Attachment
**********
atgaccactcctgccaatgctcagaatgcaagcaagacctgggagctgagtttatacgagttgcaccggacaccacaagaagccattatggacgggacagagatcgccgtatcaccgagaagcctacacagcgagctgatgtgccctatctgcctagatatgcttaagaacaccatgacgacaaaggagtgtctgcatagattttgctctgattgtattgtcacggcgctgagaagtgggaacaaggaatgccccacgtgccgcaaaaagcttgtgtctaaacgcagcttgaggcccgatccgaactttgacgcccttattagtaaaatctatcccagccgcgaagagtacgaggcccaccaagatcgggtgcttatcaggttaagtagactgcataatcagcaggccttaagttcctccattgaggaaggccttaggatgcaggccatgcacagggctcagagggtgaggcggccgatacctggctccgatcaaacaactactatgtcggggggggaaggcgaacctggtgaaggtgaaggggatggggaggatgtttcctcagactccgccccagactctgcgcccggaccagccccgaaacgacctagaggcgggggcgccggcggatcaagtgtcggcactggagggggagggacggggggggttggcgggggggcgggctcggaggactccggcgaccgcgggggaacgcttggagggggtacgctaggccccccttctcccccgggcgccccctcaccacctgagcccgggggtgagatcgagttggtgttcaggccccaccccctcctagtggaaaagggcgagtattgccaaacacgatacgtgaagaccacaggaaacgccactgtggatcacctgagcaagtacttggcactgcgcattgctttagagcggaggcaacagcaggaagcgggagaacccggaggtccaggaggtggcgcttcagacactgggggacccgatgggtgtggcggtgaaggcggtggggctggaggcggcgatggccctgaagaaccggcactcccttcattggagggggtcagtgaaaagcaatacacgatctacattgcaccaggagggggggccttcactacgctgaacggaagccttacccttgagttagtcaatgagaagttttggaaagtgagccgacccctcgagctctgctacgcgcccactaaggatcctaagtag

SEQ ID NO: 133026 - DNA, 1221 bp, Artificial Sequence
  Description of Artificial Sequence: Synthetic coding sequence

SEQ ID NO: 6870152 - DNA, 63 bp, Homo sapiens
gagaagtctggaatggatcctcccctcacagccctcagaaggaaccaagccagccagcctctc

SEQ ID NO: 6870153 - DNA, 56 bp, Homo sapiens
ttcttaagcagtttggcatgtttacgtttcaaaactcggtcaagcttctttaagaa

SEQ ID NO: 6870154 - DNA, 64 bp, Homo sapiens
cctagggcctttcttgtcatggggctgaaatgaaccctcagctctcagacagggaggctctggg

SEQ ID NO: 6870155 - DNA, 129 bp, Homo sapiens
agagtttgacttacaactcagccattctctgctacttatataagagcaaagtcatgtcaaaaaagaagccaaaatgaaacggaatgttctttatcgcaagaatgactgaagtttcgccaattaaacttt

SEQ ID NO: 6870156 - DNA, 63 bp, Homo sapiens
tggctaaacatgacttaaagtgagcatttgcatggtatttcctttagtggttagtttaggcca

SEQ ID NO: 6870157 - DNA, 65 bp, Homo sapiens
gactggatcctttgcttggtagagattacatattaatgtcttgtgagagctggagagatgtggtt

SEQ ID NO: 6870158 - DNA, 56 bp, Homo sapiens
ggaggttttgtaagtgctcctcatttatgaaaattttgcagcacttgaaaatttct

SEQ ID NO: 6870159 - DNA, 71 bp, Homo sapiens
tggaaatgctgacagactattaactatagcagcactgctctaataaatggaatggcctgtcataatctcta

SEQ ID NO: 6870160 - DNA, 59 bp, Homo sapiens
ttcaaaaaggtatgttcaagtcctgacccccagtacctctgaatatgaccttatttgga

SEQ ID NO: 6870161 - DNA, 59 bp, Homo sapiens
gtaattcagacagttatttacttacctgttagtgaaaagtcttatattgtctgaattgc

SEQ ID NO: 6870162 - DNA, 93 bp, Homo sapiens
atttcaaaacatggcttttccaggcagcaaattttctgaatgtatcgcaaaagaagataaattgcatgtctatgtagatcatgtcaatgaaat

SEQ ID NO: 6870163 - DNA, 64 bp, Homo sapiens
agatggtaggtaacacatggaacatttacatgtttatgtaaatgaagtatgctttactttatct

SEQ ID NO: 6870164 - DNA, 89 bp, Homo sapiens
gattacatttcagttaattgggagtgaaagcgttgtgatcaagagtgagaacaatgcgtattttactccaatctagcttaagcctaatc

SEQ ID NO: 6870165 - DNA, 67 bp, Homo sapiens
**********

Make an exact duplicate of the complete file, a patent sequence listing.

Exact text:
atgaccactcctgccaatgctcagaatgcaagcaagacctgggagctgagtttatacgagttgcaccggacaccacaagaagccattatggacgggacagagatcgccgtatcaccgagaagcctacacagcgagctgatgtgccctatctgcctagatatgcttaagaacaccatgacgacaaaggagtgtctgcatagattttgctctgattgtattgtcacggcgctgagaagtgggaacaaggaatgccccacgtgccgcaaaaagcttgtgtctaaacgcagcttgaggcccgatccgaactttgacgcccttattagtaaaatctatcccagccgcgaagagtacgaggcccaccaagatcgggtgcttatcaggttaagtagactgcataatcagcaggccttaagttcctccattgaggaaggccttaggatgcaggccatgcacagggctcagagggtgaggcggccgatacctggctccgatcaaacaactactatgtcggggggggaaggcgaacctggtgaaggtgaaggggatggggaggatgtttcctcagactccgccccagactctgcgcccggaccagccccgaaacgacctagaggcgggggcgccggcggatcaagtgtcggcactggagggggagggacggggggggttggcgggggggcgggctcggaggactccggcgaccgcgggggaacgcttggagggggtacgctaggccccccttctcccccgggcgccccctcaccacctgagcccgggggtgagatcgagttggtgttcaggccccaccccctcctagtggaaaagggcgagtattgccaaacacgatacgtgaagaccacaggaaacgccactgtggatcacctgagcaagtacttggcactgcgcattgctttagagcggaggcaacagcaggaagcgggagaacccggaggtccaggaggtggcgcttcagacactgggggacccgatgggtgtggcggtgaaggcggtggggctggaggcggcgatggccctgaagaaccggcactcccttcattggagggggtcagtgaaaagcaatacacgatctacattgcaccaggagggggggccttcactacgctgaacggaagccttacccttgagttagtcaatgagaagttttggaaagtgagccgacccctcgagctctgctacgcgcccactaaggatcctaagtag

SEQ ID NO: 133026 - DNA, 1221 bp, Artificial Sequence
  Description of Artificial Sequence: Synthetic coding sequence

SEQ ID NO: 6870152 - DNA, 63 bp, Homo sapiens
gagaagtctggaatggatcctcccctcacagccctcagaaggaaccaagccagccagcctctc

SEQ ID NO: 6870153 - DNA, 56 bp, Homo sapiens
ttcttaagcagtttggcatgtttacgtttcaaaactcggtcaagcttctttaagaa

SEQ ID NO: 6870154 - DNA, 64 bp, Homo sapiens
cctagggcctttcttgtcatggggctgaaatgaaccctcagctctcagacagggaggctctggg

SEQ ID NO: 6870155 - DNA, 129 bp, Homo sapiens
agagtttgacttacaactcagccattctctgctacttatataagagcaaagtcatgtcaaaaaagaagccaaaatgaaacggaatgttctttatcgcaagaatgactgaagtttcgccaattaaacttt

SEQ ID NO: 6870156 - DNA, 63 bp, Homo sapiens
tggctaaacatgacttaaagtgagcatttgcatggtatttcctttagtggttagtttaggcca

SEQ ID NO: 6870157 - DNA, 65 bp, Homo sapiens
gactggatcctttgcttggtagagattacatattaatgtcttgtgagagctggagagatgtggtt

SEQ ID NO: 6870158 - DNA, 56 bp, Homo sapiens
ggaggttttgtaagtgctcctcatttatgaaaattttgcagcacttgaaaatttct

SEQ ID NO: 6870159 - DNA, 71 bp, Homo sapiens
tggaaatgctgacagactattaactatagcagcactgctctaataaatggaatggcctgtcataatctcta

SEQ ID NO: 6870160 - DNA, 59 bp, Homo sapiens
ttcaaaaaggtatgttcaagtcctgacccccagtacctctgaatatgaccttatttgga

SEQ ID NO: 6870161 - DNA, 59 bp, Homo sapiens
gtaattcagacagttatttacttacctgttagtgaaaagtcttatattgtctgaattgc

SEQ ID NO: 6870162 - DNA, 93 bp, Homo sapiens
atttcaaaacatggcttttccaggcagcaaattttctgaatgtatcgcaaaagaagataaattgcatgtctatgtagatcatgtcaatgaaat

SEQ ID NO: 6870163 - DNA, 64 bp, Homo sapiens
agatggtaggtaacacatggaacatttacatgtttatgtaaatgaagtatgctttactttatct

SEQ ID NO: 6870164 - DNA, 89 bp, Homo sapiens
gattacatttcagttaattgggagtgaaagcgttgtgatcaagagtgagaacaatgcgtattttactccaatctagcttaagcctaatc

SEQ ID NO: 6870165 - DNA, 67 bp, Homo sapiens